For several decades, as the gay rights movement has grown in the United States, some of our political lobbying groups have been meddling in the affairs of other countries and in international organisations. There is a group of religious conservatives called United Families International, primarily based in the Mormon (LDS) church, that have been working within the United Nations trying to influence women’s reproductive rights and the rights of the LGBTQ population in the global south. They have been accomplishing their propaganda work while going fairly unnoticed.

What is more well-known is that some conservative family groups, including Focus on the Family, The Heritage Foundation, Alliance Defending Freedom, and numerous other “traditional family” organisations, have had an impact in African nations, Russia, and eastern bloc nations. This meddling continues.

The Heritage Foundation, a very conservative think tank and policy group in the United States, is known to have sent representatives to Australia in about 2004 to advise Australia about how to deal with the impending question of same-sex marriage that would at some point come to Australia.

Knowing that Australians would not react quite the same way to the American message used to motivate conservative Christians against same-sex marriage laws, they helped Australians repackage and fashion their message from one of a biblical message to one centred on traditional family values. It is really just a nuance of the same discriminatory and exclusionary message. It also brilliantly played into the deeply entrenched Australian “manly” psyche. Australians have a level of homophobia that does not have a strong American equivalent.

There is a historical tie between criminality and same-sex behaviour in Australia that Americans do not have, at least not to the depth that it resides in the Aussie psyche. When Australia was “founded” (that is even a funny term as if the continent did not exist before the English got there), in the late 1700s as an English penal colony, very few white women were shipped over as prisoners. Same-sex behaviour was obviously happening in prisons and it became associated with criminals. (They even put women in the prisons with men to “correct” the perversion.)

So where the Aussies lack the American religious fervour to be anti-gay as we are, the Aussies are more prone to attach same-sex behaviour to anti-masculinity, perversion, and criminality. This is part of the reason the ‘Vote NO’ groups so heavily focused on the safety of children rather than one man-one women language as did Americans.

When I first started to write a decade ago, the three biggest groups sending the bulk of my hate mail were, in order: men who had been in the military or law enforcement, black women, and Aussie men. Really!

As long as there are leaders in any country who will listen to the message of these traditional family groups, America will likely continue to send and export this merger of religion and politics that has been going on for the last 50 years here.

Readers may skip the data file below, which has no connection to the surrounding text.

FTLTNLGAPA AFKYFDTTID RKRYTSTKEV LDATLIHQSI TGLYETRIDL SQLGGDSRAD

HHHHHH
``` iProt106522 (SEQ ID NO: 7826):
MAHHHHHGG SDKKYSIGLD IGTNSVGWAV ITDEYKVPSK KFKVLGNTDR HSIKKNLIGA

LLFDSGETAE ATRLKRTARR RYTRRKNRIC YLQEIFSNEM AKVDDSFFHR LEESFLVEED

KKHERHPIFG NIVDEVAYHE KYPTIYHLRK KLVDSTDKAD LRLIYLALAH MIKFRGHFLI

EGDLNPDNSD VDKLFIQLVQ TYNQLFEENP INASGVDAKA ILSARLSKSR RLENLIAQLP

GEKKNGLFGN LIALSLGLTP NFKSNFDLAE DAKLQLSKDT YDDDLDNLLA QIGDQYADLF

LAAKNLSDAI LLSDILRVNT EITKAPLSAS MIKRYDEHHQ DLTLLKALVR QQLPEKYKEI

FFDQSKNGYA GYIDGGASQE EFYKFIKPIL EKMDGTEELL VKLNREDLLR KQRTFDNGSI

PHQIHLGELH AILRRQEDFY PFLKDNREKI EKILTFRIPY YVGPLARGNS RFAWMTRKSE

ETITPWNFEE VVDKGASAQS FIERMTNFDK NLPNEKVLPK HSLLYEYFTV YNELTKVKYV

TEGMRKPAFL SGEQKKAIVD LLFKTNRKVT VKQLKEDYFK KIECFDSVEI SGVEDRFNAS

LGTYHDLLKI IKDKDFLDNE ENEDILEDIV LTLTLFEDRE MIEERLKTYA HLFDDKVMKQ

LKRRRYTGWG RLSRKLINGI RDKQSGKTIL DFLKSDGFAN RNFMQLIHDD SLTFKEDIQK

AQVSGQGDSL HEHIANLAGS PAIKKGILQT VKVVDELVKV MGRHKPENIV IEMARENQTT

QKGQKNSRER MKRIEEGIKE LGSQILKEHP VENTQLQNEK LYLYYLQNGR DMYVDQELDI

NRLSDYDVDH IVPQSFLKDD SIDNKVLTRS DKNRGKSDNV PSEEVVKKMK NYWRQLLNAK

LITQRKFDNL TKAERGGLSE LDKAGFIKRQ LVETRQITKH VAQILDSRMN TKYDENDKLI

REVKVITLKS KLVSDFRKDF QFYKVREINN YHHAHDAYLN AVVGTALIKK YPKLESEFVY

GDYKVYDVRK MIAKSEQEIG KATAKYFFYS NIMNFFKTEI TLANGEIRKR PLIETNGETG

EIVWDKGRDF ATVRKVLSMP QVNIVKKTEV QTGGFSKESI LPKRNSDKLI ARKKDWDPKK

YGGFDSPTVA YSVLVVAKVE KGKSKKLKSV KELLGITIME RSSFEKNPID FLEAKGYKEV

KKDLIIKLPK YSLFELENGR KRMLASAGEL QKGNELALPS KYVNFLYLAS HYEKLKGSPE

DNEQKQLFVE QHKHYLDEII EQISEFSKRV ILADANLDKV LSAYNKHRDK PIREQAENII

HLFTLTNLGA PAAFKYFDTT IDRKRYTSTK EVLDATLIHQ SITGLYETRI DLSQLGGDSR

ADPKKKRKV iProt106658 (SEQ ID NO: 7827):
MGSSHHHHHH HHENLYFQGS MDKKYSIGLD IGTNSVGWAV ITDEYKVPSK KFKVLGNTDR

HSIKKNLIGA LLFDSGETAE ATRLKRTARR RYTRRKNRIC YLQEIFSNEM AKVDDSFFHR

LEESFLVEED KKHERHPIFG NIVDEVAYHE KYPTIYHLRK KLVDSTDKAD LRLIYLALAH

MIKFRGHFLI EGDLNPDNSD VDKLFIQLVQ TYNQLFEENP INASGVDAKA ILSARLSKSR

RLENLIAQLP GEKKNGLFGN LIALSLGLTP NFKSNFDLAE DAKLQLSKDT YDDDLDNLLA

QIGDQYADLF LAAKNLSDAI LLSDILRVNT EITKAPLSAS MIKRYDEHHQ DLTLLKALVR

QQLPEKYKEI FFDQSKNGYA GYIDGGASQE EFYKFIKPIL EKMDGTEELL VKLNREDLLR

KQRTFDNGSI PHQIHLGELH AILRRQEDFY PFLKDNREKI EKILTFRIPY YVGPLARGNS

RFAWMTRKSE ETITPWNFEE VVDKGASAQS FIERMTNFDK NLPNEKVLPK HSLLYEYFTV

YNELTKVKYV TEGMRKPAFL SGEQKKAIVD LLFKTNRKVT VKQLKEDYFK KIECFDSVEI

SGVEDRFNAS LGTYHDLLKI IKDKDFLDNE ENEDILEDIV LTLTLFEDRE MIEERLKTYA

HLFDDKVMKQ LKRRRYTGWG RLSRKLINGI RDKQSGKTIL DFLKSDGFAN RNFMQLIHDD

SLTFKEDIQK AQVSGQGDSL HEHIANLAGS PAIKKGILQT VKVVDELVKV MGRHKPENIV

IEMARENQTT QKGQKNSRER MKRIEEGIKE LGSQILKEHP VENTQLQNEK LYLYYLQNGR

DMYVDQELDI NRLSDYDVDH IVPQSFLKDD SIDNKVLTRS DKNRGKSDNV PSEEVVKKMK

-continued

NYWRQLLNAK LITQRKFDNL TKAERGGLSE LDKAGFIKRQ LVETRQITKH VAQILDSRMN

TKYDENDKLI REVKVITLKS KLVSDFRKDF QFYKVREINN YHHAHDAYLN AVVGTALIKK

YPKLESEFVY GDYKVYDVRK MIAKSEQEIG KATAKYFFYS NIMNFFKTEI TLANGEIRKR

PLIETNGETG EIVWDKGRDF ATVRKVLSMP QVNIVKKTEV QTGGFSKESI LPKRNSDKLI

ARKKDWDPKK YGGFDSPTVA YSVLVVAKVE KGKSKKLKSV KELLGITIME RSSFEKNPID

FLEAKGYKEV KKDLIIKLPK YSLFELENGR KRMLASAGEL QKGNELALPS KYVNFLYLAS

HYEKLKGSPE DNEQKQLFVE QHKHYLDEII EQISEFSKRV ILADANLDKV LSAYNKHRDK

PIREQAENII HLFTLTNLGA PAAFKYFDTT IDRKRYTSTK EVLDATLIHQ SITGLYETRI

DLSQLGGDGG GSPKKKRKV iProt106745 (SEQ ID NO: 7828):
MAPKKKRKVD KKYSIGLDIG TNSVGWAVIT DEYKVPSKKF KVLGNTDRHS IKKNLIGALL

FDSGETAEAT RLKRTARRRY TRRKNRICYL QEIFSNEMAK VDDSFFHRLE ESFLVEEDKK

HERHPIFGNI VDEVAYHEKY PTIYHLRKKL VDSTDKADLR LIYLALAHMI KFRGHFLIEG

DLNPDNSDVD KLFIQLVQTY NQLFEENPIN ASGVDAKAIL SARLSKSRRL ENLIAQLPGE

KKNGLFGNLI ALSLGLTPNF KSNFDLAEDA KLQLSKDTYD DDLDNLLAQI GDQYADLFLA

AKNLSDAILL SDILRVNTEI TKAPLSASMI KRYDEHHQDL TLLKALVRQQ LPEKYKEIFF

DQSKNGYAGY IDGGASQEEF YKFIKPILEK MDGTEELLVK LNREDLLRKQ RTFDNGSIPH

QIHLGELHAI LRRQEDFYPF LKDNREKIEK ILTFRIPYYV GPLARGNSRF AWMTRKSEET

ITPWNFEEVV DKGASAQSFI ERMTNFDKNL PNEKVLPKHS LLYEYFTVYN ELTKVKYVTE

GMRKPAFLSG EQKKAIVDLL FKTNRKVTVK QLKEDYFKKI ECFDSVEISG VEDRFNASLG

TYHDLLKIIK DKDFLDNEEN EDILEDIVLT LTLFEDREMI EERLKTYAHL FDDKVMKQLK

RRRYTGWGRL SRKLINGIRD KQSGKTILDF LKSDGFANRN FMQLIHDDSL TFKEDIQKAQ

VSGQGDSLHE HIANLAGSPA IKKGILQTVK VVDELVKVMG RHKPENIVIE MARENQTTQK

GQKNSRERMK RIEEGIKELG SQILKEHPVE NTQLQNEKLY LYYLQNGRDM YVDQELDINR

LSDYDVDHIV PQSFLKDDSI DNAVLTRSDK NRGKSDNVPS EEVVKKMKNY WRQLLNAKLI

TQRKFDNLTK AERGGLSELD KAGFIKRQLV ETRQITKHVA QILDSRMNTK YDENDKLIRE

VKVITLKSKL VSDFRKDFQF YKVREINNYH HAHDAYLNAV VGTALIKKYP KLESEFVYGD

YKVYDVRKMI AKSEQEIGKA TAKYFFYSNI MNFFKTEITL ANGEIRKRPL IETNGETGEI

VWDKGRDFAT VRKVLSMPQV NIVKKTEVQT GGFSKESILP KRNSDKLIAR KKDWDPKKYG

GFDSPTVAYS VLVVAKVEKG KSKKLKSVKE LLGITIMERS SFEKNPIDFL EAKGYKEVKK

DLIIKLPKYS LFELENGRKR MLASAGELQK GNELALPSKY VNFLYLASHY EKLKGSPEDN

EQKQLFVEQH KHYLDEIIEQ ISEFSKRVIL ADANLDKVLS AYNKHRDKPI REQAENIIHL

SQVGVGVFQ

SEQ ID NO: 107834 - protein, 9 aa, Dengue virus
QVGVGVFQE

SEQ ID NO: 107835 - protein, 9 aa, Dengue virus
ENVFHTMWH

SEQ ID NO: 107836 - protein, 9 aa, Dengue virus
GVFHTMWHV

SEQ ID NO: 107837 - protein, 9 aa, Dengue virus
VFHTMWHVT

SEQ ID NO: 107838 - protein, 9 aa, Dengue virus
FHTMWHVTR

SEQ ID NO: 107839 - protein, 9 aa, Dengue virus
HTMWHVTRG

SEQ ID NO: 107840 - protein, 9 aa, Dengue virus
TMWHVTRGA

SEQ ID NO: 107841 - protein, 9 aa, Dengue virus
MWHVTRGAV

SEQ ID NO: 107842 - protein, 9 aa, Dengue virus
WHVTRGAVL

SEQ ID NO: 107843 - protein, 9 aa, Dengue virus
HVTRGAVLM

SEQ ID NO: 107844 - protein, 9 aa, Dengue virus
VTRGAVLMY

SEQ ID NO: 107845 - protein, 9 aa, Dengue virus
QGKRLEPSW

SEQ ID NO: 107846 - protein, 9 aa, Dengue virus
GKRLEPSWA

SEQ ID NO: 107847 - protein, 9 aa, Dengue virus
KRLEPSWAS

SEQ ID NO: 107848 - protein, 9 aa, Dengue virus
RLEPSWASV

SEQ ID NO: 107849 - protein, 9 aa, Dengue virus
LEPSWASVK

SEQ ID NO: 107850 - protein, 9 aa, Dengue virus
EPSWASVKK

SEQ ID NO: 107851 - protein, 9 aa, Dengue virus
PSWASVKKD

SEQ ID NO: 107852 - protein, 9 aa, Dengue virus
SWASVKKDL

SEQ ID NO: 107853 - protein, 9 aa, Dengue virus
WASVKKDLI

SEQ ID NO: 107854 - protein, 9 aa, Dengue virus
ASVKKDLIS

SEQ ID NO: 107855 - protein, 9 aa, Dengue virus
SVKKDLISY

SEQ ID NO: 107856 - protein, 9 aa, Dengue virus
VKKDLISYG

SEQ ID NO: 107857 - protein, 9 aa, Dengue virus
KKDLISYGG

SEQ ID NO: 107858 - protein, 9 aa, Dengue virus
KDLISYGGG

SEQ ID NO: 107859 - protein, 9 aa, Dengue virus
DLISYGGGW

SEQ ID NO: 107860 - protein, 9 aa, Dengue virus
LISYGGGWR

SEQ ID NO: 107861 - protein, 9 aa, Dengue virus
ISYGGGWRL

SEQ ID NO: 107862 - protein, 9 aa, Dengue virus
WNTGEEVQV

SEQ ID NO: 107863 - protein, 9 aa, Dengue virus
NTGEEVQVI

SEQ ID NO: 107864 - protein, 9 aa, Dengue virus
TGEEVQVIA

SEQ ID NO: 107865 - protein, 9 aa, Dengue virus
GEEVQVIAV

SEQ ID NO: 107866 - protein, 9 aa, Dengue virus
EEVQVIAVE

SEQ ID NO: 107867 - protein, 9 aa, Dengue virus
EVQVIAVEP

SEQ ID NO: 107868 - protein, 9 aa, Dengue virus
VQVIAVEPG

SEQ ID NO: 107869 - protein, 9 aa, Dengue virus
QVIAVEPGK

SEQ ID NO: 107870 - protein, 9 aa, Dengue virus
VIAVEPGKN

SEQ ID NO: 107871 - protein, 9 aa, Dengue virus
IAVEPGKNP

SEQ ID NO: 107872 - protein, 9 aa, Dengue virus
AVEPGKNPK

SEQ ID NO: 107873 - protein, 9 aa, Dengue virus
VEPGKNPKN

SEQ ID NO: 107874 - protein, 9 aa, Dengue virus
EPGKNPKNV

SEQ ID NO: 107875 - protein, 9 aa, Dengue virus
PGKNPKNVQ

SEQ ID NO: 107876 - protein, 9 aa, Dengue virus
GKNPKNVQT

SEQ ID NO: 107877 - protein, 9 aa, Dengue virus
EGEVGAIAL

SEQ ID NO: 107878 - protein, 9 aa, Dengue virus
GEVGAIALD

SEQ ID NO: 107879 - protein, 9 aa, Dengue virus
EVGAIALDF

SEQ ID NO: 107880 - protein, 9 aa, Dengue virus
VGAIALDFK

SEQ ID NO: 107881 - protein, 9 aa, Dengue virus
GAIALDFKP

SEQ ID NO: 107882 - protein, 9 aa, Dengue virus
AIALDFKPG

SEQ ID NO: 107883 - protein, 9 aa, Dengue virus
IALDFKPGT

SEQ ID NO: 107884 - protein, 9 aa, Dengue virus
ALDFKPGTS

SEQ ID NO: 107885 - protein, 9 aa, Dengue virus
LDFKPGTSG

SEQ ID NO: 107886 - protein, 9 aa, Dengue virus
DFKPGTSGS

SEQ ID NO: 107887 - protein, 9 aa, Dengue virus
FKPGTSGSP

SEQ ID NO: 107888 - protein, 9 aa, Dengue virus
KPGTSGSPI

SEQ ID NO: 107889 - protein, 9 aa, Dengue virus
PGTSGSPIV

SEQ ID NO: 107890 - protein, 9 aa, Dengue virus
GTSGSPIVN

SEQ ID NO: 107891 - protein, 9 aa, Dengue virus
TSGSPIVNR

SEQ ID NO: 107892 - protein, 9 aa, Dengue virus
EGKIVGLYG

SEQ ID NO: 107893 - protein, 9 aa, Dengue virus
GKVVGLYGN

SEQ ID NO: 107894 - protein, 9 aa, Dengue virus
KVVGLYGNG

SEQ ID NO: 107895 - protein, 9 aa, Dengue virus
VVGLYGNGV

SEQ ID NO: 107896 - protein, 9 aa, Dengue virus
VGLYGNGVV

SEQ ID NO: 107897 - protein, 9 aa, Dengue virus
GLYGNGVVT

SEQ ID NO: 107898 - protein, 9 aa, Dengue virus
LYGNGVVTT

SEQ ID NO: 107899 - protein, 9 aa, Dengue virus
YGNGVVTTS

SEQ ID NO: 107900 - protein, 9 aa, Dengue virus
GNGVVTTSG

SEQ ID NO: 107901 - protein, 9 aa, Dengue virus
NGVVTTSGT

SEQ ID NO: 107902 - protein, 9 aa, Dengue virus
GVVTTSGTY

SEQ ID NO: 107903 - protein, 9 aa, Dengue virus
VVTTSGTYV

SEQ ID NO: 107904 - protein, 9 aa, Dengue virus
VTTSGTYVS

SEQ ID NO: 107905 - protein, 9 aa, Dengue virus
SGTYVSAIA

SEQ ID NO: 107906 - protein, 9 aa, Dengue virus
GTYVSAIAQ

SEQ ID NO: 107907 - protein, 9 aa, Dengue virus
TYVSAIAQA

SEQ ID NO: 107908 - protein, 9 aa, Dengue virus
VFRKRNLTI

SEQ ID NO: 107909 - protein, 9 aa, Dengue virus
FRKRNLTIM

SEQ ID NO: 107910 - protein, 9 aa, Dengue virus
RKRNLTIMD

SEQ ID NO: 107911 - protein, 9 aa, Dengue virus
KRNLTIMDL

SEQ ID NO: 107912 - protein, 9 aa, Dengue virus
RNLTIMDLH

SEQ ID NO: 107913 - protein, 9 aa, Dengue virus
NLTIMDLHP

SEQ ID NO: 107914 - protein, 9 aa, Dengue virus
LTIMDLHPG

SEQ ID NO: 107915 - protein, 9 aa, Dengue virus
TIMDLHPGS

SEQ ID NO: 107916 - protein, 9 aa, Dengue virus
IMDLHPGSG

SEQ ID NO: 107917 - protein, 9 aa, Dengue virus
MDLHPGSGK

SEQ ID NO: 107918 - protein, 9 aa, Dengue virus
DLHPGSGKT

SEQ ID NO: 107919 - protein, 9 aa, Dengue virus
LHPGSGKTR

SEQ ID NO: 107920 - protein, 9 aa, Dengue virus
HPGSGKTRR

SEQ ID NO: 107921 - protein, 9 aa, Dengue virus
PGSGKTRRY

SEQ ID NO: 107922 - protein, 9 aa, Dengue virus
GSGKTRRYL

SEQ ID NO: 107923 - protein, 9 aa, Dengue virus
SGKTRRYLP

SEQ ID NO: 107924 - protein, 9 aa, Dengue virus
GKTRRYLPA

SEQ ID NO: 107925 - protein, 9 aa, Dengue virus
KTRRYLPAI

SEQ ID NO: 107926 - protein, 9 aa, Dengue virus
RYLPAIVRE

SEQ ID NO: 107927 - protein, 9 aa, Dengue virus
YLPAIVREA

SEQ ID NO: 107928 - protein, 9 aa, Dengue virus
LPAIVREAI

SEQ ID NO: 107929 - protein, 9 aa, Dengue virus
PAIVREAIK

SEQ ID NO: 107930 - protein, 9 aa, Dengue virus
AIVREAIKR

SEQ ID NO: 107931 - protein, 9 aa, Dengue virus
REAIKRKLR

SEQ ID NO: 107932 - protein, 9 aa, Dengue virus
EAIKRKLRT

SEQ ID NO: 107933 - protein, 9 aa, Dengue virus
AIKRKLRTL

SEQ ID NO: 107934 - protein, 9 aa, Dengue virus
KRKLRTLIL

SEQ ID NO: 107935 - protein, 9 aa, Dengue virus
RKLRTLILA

The toxic entanglement is certainly being dismantled in the US, but sadly, there is a market throughout the rest of the world for one of our worst exports.

Kathy Baldock

Reno, Nevada
November 25, 2017
kathy@canyonwalkerconnections.com

Part TWO of this blog will be posted tomorrow.

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What if our Whole Life is a Liminal Space?

Our days on earth are like grass; like wildflowers, we bloom and die.
– The Psalmist –

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Last week I had a fascinating conversation with someone about liminal spaces. It is a topic that I am very interested in as I have found that my life has often led me into these perplexing spaces. “Betwixt and Between” is what Victor Turner called them. Threshold moments of letting go of a season in your life while still not having fully landed in the next phase. Liminality is not a comfortable place as it brings with it a sense of pilgrimage and movement. It’s like living out of a caravan. It is the ‘free fall’ between separation and re-assimilation.

The man I was talking to was a professor of history and the question he posed to me that day has given me some serious reflection moments: “Don’t you think that our whole life is a liminal space?” At first, I resisted this idea. Surely we are not on a perpetual pilgrimage? Or are we? Is the idea of reaching the next chapter and settling in, just that? An idea? Or perhaps even a mirage? Human nature would not allow for this permanent liminality – falling between the cracks of an imagined social structure and remaining there like a sewer dweller. We want safety, borders, predictability, and acceptance. This is not what liminal spaces are all about. And maybe that is why we spend our whole life fighting them!